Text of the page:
See other suggested over-the-counter medications and first aid items for a travelers’ health kit.

Note: Check the Air Travel sectionExternal Web Site Icon of the Transportation Security AdministrationExternal Web Site Icon website for the latest information about airport screening procedures and prohibited items.

Visa

Indian Missions Abroad are the right place to acquire your Visa to India. You may seek a tourist visa to India, business visa to India, student visa to India, employment visa to India, transit visa to India, or an entry visa to India, from these Indian missions abroad. The Embassies of India, High Commissions of India, and the Consulate Generals of India, will be happy to help you get a Visa to India.

For details see: http://www.visatoindia.com/

Journey to Pune

Book your flight to Pune as early as possible, in this way you can save a lot of money. Since 2008, Lufthansa also offers a non-stop flight from Frankfurt to Pune, but it is not very cheap. The nearest international airport away from Pune is Bombay / Mumbai.

If you arrive in Mumbai, it is best that you exchange enough money at the airport itself for the onward journey.
Almost all flights from Europe land at night in Mumbai. If you want to take a connecting flight to Pune from the domestic airport or catch a train to Pune, you will have to wait many hours. This is why many travellers to Pune plan a stopover in Mumbai, stay there and continue only the next day. Some hotels offer a pick up from the airport; it is best you ask for information whilst making the booking.

Those who want to carry on immediately to Pune, preferably take a taxi. You can book pre-paid taxis to Pune at ​​the airport at the arrival section. The cost of a Chevrolet Tavera is between Rs. 4000-5000 (80 €), but if you book in advance from Pune it costs only Rs 3,000. The drive to Pune on the new highway takes about 3-4 hours.

A cheaper solution is a shuttle bus/ shared taxi service commuting between Bombay airport and Pune and back – even at night.

The drive from Bombay to Pune takes about 4 hours and costs around Rs. 600 (10 €) but one must share the minibus or taxi with fellow travellers. You will then arrive in Pune in the early morning and will be taken directly to your destination. However, since all the passengers are dropped off at their doorstep, the journey time can extend considerably.

If you stay overnight in Mumbai, the cheapest way to get to Pune is by bus or train. There is an air-conditioned Volvo bus service to Pune, which is available at the Dadar station in Bombay. The cost per person is Rs 280 (about 5 €). The train costs only half as much, if you travel by second class.

First impressions

The first impressions of Pune are often rather disappointing. It is a haphazardly built city with clogged roads polluted with exhaust gas from countless vehicles,  a city without a real urban centre. Once you get to know Pune better, you will discover many hidden beauties, especially the greatest treasure of this city: the people. Pune is an open-minded and cosmopolitan city that unites people from all parts of India and all parts of the world. Pune is definitely an unforgettable experience when you learn to connect with the people and the culture of this city. Even if the traffic is quite chaotic, Pune has a relatively well-functioning infrastructure, modern architecture, excellent medical care, good overall security, and, for India, a pleasant and temperate climate und beautiful surroundings. Pune is a city where you can feel at ease.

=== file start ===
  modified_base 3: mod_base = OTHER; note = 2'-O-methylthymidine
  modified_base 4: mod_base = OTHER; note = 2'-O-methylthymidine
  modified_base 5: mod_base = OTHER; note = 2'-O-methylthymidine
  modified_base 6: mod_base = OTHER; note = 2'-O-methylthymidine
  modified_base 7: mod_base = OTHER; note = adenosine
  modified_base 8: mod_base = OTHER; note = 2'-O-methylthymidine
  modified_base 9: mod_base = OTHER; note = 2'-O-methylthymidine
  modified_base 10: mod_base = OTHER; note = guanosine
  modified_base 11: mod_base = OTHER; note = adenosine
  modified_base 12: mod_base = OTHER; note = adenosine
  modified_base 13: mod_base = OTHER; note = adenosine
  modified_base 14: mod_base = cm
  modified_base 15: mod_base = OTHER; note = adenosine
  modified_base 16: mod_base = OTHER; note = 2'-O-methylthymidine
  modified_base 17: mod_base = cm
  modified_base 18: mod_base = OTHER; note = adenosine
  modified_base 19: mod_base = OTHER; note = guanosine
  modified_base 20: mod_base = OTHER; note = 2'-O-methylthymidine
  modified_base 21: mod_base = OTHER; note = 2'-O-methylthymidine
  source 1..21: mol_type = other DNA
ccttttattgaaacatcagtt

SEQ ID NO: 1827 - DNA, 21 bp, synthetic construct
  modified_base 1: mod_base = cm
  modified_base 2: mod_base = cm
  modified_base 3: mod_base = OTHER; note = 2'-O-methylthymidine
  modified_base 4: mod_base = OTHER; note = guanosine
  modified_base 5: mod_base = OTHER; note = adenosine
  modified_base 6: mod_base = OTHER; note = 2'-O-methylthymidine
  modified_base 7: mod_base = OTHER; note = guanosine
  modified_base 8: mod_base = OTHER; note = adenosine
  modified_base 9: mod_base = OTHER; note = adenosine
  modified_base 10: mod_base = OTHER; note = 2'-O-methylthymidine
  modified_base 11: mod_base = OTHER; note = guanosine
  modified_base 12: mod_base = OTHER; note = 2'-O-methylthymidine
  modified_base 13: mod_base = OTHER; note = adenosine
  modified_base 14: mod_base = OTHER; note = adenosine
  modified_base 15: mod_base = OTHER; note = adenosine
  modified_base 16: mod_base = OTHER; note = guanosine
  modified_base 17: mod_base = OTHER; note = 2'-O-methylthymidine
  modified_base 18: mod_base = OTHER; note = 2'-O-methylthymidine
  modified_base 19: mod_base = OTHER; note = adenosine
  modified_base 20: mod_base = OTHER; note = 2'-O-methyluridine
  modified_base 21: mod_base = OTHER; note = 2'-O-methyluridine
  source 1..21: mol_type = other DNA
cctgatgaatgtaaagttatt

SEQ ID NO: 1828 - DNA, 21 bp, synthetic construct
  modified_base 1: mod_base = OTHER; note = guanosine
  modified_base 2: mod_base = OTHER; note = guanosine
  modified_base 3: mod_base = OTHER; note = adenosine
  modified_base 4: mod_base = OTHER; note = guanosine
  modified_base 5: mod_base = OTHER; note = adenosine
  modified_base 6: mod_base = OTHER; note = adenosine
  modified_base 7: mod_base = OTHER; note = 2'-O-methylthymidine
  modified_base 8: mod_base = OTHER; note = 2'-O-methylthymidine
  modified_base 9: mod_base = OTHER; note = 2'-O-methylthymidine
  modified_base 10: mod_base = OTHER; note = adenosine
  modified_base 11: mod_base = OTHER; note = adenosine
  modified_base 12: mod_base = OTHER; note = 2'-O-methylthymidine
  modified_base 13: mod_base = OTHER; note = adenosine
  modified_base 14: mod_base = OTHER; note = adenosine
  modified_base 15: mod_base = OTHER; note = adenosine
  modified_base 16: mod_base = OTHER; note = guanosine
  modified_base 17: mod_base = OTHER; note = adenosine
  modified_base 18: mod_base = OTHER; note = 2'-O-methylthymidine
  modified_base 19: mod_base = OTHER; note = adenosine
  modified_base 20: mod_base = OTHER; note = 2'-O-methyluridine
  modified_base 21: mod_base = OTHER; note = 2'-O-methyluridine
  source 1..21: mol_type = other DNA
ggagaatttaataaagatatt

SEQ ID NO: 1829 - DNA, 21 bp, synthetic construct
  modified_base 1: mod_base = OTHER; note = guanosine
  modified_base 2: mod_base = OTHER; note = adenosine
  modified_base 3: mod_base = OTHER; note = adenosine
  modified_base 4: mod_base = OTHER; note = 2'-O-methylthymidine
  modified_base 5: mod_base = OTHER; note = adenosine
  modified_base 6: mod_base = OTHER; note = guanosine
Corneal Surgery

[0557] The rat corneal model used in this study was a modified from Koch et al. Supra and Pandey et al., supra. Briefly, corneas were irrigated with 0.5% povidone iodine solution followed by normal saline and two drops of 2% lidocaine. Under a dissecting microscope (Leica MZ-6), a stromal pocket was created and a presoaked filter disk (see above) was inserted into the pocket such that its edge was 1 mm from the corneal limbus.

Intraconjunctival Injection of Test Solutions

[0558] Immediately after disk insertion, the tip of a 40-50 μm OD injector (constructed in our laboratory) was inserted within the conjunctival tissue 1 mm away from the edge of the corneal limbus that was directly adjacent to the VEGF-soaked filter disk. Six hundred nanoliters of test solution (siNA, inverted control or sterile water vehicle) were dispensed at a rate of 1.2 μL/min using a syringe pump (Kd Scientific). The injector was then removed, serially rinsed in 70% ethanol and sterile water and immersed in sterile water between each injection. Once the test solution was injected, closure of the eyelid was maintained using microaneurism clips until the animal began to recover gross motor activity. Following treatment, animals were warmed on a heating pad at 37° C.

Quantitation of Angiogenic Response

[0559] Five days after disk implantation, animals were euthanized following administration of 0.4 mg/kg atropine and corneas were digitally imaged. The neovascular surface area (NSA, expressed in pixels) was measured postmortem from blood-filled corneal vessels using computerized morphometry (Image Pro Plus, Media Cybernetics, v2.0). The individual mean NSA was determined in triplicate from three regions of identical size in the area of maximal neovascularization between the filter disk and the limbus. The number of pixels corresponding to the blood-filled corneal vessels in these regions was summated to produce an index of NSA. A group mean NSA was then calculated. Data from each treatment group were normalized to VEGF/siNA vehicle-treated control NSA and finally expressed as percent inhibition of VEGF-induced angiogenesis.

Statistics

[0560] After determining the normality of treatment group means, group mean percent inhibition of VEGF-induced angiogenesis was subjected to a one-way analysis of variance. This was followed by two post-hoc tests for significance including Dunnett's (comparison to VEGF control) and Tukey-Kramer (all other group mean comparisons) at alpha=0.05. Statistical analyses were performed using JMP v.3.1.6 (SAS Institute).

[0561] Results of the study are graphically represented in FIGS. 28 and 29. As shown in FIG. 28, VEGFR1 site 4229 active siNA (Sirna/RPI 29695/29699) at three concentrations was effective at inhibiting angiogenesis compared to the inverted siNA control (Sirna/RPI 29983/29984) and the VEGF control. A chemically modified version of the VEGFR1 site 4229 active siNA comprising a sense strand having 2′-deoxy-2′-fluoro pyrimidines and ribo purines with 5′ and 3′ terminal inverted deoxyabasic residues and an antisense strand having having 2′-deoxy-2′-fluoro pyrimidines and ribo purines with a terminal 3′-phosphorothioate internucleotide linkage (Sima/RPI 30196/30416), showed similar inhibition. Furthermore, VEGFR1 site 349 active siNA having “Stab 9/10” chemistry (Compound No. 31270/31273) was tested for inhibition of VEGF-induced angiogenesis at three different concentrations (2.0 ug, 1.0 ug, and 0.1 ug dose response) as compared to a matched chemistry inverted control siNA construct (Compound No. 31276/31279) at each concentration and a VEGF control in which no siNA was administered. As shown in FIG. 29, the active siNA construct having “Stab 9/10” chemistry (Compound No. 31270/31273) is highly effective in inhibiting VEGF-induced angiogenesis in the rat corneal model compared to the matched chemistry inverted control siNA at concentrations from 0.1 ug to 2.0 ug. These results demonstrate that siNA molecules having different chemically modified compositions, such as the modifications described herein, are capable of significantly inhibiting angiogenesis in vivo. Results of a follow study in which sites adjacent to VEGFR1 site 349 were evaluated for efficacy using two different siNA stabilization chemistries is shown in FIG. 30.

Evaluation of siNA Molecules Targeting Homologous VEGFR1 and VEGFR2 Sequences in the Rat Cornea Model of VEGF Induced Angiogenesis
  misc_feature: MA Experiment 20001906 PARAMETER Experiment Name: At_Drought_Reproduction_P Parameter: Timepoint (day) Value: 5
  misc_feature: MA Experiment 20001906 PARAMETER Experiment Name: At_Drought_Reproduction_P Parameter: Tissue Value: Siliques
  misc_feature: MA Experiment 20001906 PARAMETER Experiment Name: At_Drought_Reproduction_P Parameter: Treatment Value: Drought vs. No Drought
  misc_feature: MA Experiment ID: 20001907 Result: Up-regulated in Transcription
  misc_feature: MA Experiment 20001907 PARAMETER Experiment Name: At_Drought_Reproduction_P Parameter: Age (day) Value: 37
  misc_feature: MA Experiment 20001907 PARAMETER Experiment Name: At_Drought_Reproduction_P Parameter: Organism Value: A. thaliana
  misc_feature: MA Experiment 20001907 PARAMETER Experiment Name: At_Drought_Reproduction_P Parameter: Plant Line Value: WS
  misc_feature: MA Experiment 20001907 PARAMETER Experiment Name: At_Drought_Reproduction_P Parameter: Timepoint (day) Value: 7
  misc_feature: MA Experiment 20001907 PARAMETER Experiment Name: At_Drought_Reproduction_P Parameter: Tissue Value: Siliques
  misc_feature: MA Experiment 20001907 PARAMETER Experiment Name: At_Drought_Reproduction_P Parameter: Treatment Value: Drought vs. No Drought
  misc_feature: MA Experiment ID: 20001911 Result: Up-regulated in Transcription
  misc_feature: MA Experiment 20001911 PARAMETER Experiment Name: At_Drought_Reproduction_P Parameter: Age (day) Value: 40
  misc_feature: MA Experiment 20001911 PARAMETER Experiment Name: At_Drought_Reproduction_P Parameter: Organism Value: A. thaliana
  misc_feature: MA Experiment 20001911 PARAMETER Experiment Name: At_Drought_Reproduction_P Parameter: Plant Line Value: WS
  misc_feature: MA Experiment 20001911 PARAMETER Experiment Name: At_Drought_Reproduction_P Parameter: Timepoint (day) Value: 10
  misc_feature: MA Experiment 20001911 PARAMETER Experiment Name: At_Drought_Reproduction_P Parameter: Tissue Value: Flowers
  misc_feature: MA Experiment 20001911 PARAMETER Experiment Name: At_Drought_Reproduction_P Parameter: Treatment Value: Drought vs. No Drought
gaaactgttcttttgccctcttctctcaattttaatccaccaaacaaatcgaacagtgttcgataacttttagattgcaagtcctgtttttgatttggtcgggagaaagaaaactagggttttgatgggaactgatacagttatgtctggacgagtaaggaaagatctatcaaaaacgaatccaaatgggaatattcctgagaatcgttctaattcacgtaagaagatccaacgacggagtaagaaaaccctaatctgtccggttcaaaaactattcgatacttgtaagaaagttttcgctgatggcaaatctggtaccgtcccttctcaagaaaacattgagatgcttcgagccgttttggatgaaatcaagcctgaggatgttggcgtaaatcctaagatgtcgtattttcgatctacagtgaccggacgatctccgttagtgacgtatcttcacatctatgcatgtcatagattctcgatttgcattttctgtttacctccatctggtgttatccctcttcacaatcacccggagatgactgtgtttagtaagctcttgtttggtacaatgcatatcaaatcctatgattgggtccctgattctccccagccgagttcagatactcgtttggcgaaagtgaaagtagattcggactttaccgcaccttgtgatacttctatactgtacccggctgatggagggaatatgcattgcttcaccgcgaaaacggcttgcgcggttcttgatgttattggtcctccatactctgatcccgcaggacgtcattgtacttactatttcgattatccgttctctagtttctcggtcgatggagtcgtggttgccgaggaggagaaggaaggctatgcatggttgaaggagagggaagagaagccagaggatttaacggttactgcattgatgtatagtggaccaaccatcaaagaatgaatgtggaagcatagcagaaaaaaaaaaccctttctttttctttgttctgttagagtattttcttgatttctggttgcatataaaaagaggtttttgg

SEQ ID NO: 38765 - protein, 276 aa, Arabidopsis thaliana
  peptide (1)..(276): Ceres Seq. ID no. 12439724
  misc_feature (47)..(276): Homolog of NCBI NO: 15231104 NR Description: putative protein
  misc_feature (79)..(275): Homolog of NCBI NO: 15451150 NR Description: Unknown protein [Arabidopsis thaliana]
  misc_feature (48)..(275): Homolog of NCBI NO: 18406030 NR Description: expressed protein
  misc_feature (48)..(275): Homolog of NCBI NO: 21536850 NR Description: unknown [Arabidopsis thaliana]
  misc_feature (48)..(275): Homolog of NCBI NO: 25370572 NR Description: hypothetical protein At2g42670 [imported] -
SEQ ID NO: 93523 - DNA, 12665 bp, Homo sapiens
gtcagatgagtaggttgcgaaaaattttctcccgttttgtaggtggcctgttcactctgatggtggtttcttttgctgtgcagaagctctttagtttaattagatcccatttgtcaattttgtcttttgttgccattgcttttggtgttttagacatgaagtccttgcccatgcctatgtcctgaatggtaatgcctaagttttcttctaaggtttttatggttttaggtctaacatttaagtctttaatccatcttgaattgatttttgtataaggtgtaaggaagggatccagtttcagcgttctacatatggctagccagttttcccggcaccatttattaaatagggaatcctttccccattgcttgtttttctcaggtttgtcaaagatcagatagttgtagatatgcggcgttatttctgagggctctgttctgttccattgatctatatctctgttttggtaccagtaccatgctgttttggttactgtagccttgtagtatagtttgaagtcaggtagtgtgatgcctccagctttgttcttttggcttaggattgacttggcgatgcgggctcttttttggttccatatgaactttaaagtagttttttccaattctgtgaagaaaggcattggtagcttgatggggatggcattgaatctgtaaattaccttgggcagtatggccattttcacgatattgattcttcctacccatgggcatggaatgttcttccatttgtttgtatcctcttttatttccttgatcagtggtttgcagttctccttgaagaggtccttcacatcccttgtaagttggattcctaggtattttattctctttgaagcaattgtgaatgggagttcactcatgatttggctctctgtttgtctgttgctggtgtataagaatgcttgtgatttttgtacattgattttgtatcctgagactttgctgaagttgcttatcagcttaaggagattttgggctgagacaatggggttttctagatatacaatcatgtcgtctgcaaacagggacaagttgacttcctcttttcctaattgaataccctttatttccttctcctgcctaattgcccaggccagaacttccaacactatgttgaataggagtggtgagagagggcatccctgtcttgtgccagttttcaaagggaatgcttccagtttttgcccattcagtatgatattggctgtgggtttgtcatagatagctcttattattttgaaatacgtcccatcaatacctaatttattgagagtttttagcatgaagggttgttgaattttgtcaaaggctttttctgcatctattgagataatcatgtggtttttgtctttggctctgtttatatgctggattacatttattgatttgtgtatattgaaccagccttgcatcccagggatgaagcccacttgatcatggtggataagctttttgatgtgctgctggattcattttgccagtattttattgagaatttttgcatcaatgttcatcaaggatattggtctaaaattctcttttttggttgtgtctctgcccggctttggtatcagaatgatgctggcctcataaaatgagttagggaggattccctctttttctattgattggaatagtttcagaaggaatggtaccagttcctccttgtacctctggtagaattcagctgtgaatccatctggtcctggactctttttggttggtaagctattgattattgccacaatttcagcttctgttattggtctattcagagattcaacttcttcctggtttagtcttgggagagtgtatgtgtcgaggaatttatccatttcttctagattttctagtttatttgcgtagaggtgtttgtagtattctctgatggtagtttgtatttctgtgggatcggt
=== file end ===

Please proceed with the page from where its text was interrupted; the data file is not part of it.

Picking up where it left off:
Registration

If your visa allows you to stay longer than 6 months in India, you have to register within 14 days of arrival at the concerned Foreigners Registration Office (FRO / immigration office) closest to your place of residence. The address of the FRO Pune is:
                  FRO Pune at- Police Commissioner Office,
                            2, Sadhu Waswani Road, 
                                Next to G.P.O. 
                              Pune – 411 001. 
                           Tel. 020-26208273. 

Working hours: FRO Pune is open from Monday to Friday from 15.00 to 17.00
for new registrations,
and between 10.00 to 12.30 for visa extensions, return visas, exit permits. On Saturdays,
Sundays and public holidays the office remains closed.

Another registration is done by your hotel or your landlord. Even if you are staying only for a short period in Pune or are staying with friends, your host / landlord is obliged to register you as guests with the police. For this purpose you have to have copies of your passport and visa ready with you and fill out a form.
Before you register at the FRO, download all required forms from the FRO website and fill them out . Here the link:  http://www.punepolice.gov.in/FRO_branch.html

The registration procedure itself at the FRO for a long term stay in Pune can be a nerve-wracking process. Just to be able to enter the FRO building, often you have to wait for a long time at the gate in a queue until you are admitted. If you’re unlucky, after a long wait you will be asked to come back another day because the office is overcrowded. Once you have squeezed your way through a narrow gate, you will be checked for weapons and will have to sign-in in a visitor’s book. In the FRO office  you can expect a huge crowd. The office is chronically understaffed and can hardly cope with the onslaught of visitors. By the time you get your papers checked, have all the documents scanned and the application procedure completed , many hours would have gone by. To pick up your ”Residential Permit” you have to come again after a weeks time.  Large companies have agents who do all the preparatory work and you need to appear only to sign.